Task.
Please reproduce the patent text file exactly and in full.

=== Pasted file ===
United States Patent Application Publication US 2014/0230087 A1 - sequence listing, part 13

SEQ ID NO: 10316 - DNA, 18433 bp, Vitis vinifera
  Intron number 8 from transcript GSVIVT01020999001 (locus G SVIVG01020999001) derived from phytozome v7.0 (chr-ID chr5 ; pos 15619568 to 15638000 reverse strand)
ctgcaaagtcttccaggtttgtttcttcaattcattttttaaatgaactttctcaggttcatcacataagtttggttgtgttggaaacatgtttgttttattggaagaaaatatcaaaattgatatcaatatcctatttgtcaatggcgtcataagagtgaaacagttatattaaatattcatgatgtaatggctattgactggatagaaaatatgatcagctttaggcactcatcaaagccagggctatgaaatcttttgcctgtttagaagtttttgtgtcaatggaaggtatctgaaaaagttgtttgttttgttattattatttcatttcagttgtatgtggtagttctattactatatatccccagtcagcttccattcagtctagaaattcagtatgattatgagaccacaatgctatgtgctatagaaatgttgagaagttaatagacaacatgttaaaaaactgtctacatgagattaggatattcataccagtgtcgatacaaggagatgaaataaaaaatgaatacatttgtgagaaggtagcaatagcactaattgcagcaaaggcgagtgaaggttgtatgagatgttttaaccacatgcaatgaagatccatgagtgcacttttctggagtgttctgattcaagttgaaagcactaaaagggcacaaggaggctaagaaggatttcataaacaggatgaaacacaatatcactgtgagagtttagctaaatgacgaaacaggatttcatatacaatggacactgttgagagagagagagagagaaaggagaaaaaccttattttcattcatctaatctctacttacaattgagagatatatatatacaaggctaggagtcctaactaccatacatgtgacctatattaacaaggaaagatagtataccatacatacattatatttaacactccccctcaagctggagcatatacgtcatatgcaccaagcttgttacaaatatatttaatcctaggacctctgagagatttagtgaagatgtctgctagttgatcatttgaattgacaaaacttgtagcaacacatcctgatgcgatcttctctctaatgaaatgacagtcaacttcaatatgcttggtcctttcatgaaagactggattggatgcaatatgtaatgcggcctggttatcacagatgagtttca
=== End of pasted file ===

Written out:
United States Patent Application Publication US 2014/0230087 A1 - sequence listing, part 13

SEQ ID NO: 10316 - DNA, 18433 bp, Vitis vinifera
  Intron number 8 from transcript GSVIVT01020999001 (locus G SVIVG01020999001) derived from phytozome v7.0 (chr-ID chr5 ; pos 15619568 to 15638000 reverse strand)
ctgcaaagtcttccaggtttgtttcttcaattcattttttaaatgaactttctcaggttcatcacataagtttggttgtgttggaaacatgtttgttttattggaagaaaatatcaaaattgatatcaatatcctatttgtcaatggcgtcataagagtgaaacagttatattaaatattcatgatgtaatggctattgactggatagaaaatatgatcagctttaggcactcatcaaagccagggctatgaaatcttttgcctgtttagaagtttttgtgtcaatggaaggtatctgaaaaagttgtttgttttgttattattatttcatttcagttgtatgtggtagttctattactatatatccccagtcagcttccattcagtctagaaattcagtatgattatgagaccacaatgctatgtgctatagaaatgttgagaagttaatagacaacatgttaaaaaactgtctacatgagattaggatattcataccagtgtcgatacaaggagatgaaataaaaaatgaatacatttgtgagaaggtagcaatagcactaattgcagcaaaggcgagtgaaggttgtatgagatgttttaaccacatgcaatgaagatccatgagtgcacttttctggagtgttctgattcaagttgaaagcactaaaagggcacaaggaggctaagaaggatttcataaacaggatgaaacacaatatcactgtgagagtttagctaaatgacgaaacaggatttcatatacaatggacactgttgagagagagagagagagaaaggagaaaaaccttattttcattcatctaatctctacttacaattgagagatatatatatacaaggctaggagtcctaactaccatacatgtgacctatattaacaaggaaagatagtataccatacatacattatatttaacactccccctcaagctggagcatatacgtcatatgcaccaagcttgttacaaatatatttaatcctaggacctctgagagatttagtgaagatgtctgctagttgatcatttgaattgacaaaacttgtagcaacacatcctgatgcgatcttctctctaatgaaatgacagtcaacttcaatatgcttggtcctttcatgaaagactggattggatgcaatatgtaatgcggcctggttatcacagatgagtttca